July is usually the month for a bounty of sockeye salmon returning to the Kenai, Russian, and Kasilof rivers. In peak years, more than 40,000 sockeye salmon per day have entered the Kenai River to be caught by both boat and shore anglers. Best times are usually the third and fourth week of July. Be aware there are seasonal bank closures from July 1 to August 15 where the riverbank is closed to fishing, anglers may fish while standing in the river at least 10 feet of the shoreline. Reference the Southcentral Alaska Sport Fishing Regulations Summary booklet for seasonal bank closures, public access points for boat launches, and shore fishing locations.
The second run of sockeye salmon on the Kenai River head for drainages throughout the river. One popular destination is the Russian River mainstem, Russian River Sanctuary, and confluence area by the last week of July and first week of August. Be bear aware and adhere to U.S. Forest Service forest orders regarding filleting fish, fish disposal, personal gear, and coolers.
Legal tackle in the Russian River area is an unweighted, single-hook, unbaited, artificial fly, with hook gap no larger than 3/8 inch or less. If weights are used, they must be fixed at least 18 inches ahead of the fly. Most anglers use a bucktail streamer fly, such as a Russian River Coho Fly, with enough weight at least 18 inches ahead of the fly so that the hook travels close to the bottom of the river. Oftentimes, best success is early morning or late evening, when the sun is not directly shining on the river. Sockeye salmon also tend to hug the bank, and long casts are not necessary.
Daily weir counts for the Russian River are posted on our website.
Residents of Alaska may participate in a “personal use” dipnet fishery that opens July 10 at the mouth of the Kenai River. A similar dipnet fishery also occurs at the mouth of the Kasilof River and opens on June 25. A Upper Cook Inlet Personal Use permit and a current sport fishing license are required to participate in these fisheries. Special regulations apply. Make sure to check the Southcentral Alaska Sport Fishing Regulations Summary booklet for information on fishing times, marker locations, fin clipping, recording harvest, and permit requirements.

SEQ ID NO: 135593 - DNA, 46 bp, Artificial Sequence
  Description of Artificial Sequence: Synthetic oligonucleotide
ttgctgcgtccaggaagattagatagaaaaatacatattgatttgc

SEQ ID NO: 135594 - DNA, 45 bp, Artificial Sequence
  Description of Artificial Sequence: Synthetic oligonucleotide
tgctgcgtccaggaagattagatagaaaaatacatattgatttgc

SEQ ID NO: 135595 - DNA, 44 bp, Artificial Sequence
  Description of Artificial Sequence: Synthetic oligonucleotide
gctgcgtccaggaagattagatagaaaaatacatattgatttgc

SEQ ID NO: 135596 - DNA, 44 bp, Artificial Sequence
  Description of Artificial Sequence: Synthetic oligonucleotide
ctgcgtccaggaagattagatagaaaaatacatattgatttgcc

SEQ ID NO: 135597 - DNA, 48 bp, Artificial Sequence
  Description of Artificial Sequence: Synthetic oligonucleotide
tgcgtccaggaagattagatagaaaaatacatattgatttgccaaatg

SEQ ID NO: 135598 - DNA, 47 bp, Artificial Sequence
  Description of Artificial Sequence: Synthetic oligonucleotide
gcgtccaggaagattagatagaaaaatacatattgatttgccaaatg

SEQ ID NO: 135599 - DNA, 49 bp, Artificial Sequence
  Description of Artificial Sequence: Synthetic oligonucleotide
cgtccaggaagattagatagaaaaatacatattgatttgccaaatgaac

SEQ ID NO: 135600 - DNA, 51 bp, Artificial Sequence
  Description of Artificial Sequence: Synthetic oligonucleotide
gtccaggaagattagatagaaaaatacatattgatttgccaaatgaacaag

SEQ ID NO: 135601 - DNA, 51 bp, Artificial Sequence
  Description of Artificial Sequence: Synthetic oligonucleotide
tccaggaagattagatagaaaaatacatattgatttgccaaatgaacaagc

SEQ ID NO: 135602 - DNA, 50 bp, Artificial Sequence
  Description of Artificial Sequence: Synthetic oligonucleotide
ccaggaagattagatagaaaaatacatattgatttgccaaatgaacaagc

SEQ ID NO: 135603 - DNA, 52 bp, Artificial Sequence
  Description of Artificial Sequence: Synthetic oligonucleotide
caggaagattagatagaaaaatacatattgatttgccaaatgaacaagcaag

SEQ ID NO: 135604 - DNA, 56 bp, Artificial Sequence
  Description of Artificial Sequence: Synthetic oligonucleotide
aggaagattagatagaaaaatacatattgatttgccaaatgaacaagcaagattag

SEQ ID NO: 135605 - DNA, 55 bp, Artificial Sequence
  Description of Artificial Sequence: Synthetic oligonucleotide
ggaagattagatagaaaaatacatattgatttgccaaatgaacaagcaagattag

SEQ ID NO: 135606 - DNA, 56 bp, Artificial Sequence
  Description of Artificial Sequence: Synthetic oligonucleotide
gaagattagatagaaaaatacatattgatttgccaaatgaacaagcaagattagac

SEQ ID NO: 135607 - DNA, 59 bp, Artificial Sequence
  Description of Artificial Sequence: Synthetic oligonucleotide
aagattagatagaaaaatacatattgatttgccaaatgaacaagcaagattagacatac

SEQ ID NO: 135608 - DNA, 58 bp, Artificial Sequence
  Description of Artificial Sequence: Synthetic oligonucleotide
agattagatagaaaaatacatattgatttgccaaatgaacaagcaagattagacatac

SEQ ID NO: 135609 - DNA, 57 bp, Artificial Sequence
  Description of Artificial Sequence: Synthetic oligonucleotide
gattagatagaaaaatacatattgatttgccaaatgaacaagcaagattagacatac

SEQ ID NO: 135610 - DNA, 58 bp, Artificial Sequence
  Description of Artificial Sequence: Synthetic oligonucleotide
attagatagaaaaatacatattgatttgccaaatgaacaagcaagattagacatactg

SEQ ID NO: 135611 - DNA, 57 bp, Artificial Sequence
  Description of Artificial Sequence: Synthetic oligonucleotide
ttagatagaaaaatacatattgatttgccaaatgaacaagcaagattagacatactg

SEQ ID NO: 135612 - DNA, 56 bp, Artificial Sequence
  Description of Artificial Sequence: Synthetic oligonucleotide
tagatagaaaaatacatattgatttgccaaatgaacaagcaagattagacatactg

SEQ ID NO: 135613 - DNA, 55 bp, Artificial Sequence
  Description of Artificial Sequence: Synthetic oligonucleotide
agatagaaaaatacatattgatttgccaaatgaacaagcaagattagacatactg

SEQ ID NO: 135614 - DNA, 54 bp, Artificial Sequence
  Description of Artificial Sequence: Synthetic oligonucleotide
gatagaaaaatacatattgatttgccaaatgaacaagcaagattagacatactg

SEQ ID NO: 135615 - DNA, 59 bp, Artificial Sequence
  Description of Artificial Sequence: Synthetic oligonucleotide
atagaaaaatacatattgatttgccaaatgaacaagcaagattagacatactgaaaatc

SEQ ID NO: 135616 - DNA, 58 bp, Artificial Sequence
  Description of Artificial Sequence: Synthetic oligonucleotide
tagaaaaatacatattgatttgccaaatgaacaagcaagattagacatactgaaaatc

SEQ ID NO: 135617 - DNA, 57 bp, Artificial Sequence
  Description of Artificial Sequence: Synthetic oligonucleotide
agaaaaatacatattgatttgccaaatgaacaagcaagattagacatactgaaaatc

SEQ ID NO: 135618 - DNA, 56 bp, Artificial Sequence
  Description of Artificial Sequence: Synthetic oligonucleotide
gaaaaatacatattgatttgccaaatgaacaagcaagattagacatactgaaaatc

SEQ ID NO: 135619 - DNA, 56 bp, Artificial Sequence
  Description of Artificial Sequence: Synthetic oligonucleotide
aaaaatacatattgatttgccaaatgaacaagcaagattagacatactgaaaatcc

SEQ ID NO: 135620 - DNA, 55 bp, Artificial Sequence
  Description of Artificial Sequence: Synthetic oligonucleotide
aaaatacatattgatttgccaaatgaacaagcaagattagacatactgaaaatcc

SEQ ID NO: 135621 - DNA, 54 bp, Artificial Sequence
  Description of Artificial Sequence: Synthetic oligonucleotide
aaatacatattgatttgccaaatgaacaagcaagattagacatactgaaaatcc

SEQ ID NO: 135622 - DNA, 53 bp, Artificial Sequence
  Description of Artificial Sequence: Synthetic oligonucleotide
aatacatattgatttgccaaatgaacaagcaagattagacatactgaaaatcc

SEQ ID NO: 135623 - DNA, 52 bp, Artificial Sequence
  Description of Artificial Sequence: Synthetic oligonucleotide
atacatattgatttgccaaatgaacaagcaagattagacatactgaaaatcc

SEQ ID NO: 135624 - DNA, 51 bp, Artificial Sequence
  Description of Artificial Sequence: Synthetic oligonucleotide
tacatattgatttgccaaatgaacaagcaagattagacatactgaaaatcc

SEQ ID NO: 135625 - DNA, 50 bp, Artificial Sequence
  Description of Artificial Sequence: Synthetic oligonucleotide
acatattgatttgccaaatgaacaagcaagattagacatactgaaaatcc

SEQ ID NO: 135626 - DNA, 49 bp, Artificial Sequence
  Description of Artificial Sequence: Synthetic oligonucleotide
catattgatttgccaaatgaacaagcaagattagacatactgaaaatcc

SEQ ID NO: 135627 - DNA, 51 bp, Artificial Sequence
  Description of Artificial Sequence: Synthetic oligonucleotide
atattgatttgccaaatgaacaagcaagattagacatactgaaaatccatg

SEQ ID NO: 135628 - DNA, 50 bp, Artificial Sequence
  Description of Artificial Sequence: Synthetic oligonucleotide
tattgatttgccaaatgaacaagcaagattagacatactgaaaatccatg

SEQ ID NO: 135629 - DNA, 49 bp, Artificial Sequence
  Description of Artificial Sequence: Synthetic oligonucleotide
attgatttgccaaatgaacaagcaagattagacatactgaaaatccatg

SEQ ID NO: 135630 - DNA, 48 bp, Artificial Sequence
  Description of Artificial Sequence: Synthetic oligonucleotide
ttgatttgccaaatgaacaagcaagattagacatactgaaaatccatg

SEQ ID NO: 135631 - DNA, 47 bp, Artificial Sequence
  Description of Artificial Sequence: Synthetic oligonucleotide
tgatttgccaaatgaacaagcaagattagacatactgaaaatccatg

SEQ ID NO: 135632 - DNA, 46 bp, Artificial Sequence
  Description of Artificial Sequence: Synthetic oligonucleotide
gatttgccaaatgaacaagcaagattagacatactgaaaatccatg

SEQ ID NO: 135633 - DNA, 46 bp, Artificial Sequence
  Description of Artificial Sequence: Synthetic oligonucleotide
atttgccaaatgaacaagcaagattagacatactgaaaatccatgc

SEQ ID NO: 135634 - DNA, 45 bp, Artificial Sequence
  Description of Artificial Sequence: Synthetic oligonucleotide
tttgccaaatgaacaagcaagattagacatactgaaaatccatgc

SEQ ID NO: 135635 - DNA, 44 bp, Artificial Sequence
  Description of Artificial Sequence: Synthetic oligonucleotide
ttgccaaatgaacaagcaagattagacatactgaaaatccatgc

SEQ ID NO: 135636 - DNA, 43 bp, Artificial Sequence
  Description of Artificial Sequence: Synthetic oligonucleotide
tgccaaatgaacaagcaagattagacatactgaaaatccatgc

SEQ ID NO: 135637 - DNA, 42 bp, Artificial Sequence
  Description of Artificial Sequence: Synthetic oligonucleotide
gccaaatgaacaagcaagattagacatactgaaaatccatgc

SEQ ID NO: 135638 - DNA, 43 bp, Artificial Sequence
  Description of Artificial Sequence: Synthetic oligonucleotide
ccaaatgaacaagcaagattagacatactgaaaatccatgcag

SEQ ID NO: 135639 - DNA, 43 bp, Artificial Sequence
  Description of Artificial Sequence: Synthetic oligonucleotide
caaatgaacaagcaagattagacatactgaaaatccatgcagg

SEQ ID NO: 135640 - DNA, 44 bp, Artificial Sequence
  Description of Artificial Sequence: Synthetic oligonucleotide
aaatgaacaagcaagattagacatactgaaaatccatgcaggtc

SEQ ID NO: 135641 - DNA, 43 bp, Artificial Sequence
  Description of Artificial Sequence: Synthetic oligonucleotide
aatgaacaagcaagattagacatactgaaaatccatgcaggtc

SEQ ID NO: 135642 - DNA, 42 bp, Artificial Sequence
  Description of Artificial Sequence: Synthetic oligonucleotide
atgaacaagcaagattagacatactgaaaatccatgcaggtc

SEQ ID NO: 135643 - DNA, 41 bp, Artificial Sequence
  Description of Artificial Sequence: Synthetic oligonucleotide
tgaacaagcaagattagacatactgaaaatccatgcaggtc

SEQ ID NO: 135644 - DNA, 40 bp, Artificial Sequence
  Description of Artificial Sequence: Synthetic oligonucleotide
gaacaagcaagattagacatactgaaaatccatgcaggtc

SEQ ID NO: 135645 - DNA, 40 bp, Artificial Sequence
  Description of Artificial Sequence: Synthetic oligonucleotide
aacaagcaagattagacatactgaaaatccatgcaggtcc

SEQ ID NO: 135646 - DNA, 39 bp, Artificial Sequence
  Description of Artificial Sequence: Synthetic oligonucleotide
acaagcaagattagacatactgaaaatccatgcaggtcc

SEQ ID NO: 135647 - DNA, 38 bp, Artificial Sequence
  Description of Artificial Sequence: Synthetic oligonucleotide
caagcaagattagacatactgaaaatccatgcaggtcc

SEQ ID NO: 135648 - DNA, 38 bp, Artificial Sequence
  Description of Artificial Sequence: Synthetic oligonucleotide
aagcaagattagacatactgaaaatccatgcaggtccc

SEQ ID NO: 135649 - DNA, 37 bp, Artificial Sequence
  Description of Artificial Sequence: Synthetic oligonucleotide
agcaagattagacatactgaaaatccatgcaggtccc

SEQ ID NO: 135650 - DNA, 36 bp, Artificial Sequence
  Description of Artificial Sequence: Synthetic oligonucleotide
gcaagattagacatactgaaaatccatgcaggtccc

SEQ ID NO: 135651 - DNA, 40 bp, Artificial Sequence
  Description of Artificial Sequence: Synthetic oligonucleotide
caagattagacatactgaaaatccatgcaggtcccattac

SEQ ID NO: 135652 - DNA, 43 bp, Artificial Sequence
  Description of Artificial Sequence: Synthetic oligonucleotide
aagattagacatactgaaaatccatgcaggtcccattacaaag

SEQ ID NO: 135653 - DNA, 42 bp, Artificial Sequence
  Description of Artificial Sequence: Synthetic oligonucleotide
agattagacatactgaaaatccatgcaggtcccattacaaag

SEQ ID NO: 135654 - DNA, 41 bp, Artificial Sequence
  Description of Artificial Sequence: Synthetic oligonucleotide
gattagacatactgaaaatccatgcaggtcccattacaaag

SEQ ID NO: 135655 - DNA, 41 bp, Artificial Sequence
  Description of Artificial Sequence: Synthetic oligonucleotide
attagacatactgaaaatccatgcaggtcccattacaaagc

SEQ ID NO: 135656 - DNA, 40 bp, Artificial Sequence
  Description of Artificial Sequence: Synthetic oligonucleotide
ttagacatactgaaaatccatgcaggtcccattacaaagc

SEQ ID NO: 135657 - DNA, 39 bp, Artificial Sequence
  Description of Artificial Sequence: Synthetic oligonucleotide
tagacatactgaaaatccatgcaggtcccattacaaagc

Pink Salmon – Resurrection Creek
Pink salmon fishing at Resurrection Creek in Hope begins to pick up by the third week of July. This is a great fishery for children to participate in. Pink salmon are aggressive and will generally take any tackle easily. Try fishing with a Russian River Coho Fly, Pixees™, small, colorful spoons or spinners.
Rainbow Trout/Dolly Varden – Flowing Waters
Fishing success for rainbow trout and Dolly Varden in Kenai Peninsula drainages is generally good through the month of July, as rainbow trout and Dolly Varden chase spawning salmon upstream and feed on eggs. Good fly patterns to try include egg imitations and salmon flesh flies.
There are 25 lakes throughout the Northern Kenai Peninsula area that are stocked with rainbow trout, Arctic char, and landlocked Chinook or coho salmon. Fishing is usually excellent in these lakes in July. Try using small spinners, flies, or, where legal, fresh shrimp or preserved salmon roe. Publications describing these lakes are available online and at ADF&G offices in Anchorage, Soldotna, and Homer. Make sure to check the ADF&G fish stocking and the ADF&G Alaska Lakes Database (ALDAT) webpages for up-to-date lake stocking information.
All other lakes of the Kenai River drainage are open to fishing in July, including Crescent Lake and Hidden Lake. Bait may be used in all lakes except in a few areas of Kenai Lake. Check the Southcentral Alaska Sport Fishing Regulations Summary booklet carefully!
Content retrieved from: https://www.adfg.alaska.gov/sf/FishingReports/index.cfm?ADFG=R2.summary&Area_key=5&RecordID=14.